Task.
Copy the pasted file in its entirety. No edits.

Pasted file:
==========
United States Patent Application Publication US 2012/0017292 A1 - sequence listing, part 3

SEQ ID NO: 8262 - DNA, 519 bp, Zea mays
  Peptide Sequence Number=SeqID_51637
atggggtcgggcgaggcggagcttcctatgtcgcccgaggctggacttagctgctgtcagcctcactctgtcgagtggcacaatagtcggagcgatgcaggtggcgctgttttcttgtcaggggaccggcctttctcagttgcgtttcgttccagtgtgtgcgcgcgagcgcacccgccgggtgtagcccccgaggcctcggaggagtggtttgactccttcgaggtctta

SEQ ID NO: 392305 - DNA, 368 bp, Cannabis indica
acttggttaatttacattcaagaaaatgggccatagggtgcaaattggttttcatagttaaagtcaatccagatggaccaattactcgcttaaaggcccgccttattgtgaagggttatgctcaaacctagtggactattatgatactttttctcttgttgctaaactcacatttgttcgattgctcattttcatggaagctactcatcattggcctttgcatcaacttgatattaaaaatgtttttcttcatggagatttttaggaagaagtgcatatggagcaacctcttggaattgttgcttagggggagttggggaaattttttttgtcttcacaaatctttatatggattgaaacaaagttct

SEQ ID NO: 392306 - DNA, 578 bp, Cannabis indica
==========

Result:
United States Patent Application Publication US 2012/0017292 A1 - sequence listing, part 3

SEQ ID NO: 8262 - DNA, 519 bp, Zea mays
  Peptide Sequence Number=SeqID_51637
atggggtcgggcgaggcggagcttcctatgtcgcccgaggctggacttagctgctgtcagcctcactctgtcgagtggcacaatagtcggagcgatgcaggtggcgctgttttcttgtcaggggaccggcctttctcagttgcgtttcgttccagtgtgtgcgcgcgagcgcacccgccgggtgtagcccccgaggcctcggaggagtggtttgactccttcgaggtctta

SEQ ID NO: 392305 - DNA, 368 bp, Cannabis indica
acttggttaatttacattcaagaaaatgggccatagggtgcaaattggttttcatagttaaagtcaatccagatggaccaattactcgcttaaaggcccgccttattgtgaagggttatgctcaaacctagtggactattatgatactttttctcttgttgctaaactcacatttgttcgattgctcattttcatggaagctactcatcattggcctttgcatcaacttgatattaaaaatgtttttcttcatggagatttttaggaagaagtgcatatggagcaacctcttggaattgttgcttagggggagttggggaaattttttttgtcttcacaaatctttatatggattgaaacaaagttct

SEQ ID NO: 392306 - DNA, 578 bp, Cannabis indica